Don’t be hesitant to recognize exceptional service, it may be even more powerful than complaining about poor service. The secret lays in communicating with the business. They can’t read our minds. The old adage of ‘one dissatisfied customer tell ten who tell ten more…’

What are your thoughts on this subject? Keep the conversation going …
Onwards & Upwards!

 

Top photo credit Flickr CC Celestine Chua

Rae Stonehouse

Author Bio:

Rae A. Stonehouse is a Canadian born author & speaker. His professional career as a Registered Nurse working predominantly in psychiatry/mental health, has spanned four decades.

Rae has embraced the principal of CANI (Constant and Never-ending Improvement) as promoted by thought leaders such as Tony Robbins and brings that philosophy to each of his publications and presentations.

Rae has dedicated the latter segment of his journey through life to overcoming his personal inhibitions. As a 20+ year member of Toastmasters International he has systematically built his self-confidence and communicating ability. He is passionate about sharing his lessons with his readers and listeners. His publications thus far are of the self-help, self-improvement genre and systematically offer valuable sage advice on a specific topic.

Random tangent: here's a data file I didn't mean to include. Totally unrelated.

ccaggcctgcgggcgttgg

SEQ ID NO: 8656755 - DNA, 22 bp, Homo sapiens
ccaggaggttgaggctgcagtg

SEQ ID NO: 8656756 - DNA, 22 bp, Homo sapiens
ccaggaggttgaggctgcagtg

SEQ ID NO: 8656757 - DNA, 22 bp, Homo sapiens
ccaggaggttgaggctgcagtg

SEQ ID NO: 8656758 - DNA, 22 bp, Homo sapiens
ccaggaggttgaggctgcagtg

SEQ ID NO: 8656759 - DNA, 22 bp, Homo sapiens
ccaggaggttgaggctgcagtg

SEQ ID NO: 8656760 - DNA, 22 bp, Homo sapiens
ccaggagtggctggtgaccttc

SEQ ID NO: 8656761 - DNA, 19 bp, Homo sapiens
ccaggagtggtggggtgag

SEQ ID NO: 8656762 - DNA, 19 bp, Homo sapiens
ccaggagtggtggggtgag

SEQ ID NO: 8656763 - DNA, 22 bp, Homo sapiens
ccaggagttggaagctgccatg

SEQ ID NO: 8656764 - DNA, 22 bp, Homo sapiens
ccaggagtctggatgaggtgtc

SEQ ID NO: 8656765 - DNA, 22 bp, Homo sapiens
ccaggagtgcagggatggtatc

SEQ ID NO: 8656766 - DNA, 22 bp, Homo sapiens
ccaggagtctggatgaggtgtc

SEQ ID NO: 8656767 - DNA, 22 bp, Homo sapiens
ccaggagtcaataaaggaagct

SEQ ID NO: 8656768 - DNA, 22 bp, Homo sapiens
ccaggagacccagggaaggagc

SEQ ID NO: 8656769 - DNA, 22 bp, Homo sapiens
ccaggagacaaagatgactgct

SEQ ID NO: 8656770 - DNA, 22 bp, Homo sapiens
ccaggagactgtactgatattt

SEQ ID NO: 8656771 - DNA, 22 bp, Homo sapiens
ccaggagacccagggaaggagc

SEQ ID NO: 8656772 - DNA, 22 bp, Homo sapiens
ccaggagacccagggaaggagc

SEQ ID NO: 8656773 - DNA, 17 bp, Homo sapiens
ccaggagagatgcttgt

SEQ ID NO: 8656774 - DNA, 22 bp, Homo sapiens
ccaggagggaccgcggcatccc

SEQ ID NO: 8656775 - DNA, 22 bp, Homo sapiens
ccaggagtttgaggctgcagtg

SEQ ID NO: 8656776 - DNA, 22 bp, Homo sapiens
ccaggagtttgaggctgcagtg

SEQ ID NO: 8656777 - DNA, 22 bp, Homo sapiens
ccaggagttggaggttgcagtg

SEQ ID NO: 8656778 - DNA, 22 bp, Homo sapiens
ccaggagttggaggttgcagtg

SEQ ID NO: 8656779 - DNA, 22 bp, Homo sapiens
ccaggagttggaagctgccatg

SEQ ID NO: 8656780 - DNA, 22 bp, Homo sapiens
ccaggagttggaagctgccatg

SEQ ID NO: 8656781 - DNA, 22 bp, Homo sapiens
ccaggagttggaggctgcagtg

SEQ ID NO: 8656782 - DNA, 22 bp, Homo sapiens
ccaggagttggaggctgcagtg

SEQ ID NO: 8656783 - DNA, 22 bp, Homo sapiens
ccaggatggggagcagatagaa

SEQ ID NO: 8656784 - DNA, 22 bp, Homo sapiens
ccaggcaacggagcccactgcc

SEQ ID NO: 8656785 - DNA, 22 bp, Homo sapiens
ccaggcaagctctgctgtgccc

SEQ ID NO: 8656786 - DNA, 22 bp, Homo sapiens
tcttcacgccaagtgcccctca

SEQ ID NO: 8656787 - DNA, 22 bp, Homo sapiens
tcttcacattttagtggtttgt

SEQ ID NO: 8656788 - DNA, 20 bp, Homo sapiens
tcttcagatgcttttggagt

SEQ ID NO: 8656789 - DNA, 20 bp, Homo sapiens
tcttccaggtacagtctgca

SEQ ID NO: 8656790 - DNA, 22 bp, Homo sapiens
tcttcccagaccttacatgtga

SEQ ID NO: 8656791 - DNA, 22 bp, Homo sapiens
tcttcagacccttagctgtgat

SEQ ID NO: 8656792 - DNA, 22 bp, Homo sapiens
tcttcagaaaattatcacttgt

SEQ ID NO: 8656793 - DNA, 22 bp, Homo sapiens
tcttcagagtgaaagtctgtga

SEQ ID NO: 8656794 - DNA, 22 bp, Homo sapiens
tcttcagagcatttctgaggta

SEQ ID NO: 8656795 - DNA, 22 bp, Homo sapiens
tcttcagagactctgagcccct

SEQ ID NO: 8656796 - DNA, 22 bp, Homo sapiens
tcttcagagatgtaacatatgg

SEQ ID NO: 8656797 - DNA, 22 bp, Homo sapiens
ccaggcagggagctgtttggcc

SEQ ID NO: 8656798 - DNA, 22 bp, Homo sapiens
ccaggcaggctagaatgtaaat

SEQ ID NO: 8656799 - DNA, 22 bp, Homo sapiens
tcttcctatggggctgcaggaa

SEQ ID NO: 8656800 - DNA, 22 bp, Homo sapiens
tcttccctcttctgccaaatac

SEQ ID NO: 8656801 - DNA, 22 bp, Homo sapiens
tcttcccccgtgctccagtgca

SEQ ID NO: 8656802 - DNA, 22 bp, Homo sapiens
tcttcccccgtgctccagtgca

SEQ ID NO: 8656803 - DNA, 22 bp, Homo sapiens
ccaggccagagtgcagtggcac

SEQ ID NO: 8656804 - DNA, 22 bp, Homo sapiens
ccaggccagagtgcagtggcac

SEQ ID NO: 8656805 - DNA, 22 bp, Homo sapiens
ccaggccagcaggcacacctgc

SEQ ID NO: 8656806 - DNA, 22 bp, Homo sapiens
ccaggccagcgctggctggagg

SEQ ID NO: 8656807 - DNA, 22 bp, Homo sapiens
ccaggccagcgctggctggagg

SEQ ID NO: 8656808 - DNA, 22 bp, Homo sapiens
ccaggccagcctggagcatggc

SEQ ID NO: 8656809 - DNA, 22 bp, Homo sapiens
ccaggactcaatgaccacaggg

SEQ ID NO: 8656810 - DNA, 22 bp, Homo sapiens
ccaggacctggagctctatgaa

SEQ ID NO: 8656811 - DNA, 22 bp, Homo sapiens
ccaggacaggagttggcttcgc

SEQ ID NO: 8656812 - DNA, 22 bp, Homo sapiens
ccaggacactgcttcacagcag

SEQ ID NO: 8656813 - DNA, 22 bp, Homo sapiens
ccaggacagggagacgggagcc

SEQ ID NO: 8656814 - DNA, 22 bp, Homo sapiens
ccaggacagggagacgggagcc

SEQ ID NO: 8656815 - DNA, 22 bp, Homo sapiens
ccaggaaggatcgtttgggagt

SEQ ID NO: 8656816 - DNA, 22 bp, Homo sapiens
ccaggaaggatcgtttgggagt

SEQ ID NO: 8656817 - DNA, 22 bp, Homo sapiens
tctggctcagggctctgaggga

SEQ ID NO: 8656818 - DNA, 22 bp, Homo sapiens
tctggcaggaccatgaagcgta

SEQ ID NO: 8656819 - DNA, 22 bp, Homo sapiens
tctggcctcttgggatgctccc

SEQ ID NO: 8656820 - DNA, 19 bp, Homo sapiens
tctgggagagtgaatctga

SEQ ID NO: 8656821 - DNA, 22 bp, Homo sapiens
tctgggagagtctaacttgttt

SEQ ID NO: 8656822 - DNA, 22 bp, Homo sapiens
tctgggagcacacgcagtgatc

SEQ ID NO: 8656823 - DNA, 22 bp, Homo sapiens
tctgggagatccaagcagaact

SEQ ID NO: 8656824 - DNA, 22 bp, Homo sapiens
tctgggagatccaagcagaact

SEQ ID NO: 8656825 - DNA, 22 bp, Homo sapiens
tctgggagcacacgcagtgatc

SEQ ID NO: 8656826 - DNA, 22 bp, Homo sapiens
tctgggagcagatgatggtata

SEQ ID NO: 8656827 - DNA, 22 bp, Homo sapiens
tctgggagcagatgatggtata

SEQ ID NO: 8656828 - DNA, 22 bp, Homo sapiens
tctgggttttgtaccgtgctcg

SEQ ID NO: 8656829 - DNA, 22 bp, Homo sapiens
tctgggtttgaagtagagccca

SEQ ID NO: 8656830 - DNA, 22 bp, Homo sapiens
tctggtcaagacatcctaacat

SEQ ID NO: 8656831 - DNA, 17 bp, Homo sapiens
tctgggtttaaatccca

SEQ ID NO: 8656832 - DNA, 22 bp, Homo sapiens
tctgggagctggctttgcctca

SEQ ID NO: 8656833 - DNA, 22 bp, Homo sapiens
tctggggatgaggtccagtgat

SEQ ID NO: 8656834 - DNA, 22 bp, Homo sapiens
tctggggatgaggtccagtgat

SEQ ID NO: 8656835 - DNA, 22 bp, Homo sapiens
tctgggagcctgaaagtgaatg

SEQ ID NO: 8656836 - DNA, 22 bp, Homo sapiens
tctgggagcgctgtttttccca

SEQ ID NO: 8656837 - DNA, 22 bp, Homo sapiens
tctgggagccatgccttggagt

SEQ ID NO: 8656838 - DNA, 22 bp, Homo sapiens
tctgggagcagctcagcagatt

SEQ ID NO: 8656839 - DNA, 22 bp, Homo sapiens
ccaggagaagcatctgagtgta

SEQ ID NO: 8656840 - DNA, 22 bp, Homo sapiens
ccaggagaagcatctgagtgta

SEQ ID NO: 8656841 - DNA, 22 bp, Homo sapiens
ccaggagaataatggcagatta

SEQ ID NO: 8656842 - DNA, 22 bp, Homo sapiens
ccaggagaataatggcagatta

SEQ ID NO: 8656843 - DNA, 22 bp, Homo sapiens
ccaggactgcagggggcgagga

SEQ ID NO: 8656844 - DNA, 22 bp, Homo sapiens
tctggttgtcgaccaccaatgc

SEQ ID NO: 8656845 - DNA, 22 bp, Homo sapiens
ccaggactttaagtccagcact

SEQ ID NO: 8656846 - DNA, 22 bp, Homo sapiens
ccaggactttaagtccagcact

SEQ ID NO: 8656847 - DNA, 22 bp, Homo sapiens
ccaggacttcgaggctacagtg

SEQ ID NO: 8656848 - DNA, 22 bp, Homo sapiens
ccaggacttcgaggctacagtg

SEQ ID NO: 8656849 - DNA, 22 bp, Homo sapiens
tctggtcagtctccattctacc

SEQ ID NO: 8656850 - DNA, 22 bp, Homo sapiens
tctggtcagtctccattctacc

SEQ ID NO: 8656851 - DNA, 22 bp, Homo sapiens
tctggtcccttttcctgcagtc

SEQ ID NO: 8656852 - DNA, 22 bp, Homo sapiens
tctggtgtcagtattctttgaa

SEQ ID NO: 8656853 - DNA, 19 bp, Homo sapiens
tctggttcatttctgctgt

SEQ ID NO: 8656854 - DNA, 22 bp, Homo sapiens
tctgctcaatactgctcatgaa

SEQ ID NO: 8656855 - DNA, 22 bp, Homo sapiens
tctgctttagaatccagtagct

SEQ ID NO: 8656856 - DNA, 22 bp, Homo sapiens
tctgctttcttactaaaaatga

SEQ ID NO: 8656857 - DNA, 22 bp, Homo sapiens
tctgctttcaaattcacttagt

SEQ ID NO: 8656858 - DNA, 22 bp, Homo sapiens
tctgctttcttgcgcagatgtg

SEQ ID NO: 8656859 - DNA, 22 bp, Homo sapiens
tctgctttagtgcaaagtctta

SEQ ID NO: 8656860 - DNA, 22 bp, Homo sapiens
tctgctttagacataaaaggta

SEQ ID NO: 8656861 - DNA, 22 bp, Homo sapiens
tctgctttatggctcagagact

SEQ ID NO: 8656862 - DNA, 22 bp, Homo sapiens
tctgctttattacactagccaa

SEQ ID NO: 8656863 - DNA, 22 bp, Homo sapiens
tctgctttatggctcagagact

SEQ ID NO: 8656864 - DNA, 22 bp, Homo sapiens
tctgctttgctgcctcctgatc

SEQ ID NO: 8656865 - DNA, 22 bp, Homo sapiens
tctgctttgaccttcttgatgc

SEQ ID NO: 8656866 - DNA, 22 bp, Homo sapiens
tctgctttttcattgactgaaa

His writing style can be described as being conversational. As an author Rae strives to have a one-to-one conversation with each of his readers, very much like having your own personal self-development coach. Rae is known for having a wry sense of humour that features in his publications.

 

Author of Self-Help Downloadable E-Books:

Power Networking for Shy PeoplePower Networking for Shy People: Tips & Techniques for Moving from Shy to Sly!

PROtect Yourself!PROtect Yourself! Empowering Tips & Techniques for Personal Safety: A Practical Violence Prevention Manual for Healthcare Workers.

E=Emcee SquaredE=Emcee SquaredTips & Techniques to Becoming a Dynamic Master of Ceremonies.

Power of PromotionPower of Promotion: On-line Marketing for Toastmasters Club Growth

 

Phone Rae 250-451-6564 or info@raestonehouse.com

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Copyright 2015 Rae Stonehouse. The above document may be freely copied and distributed as long as the author’s name and contact info remain attached.

 

To learn more about Rae A. Stonehouse, visit the Wonderful World of Rae Stonehouse at http://raestonehouse.com.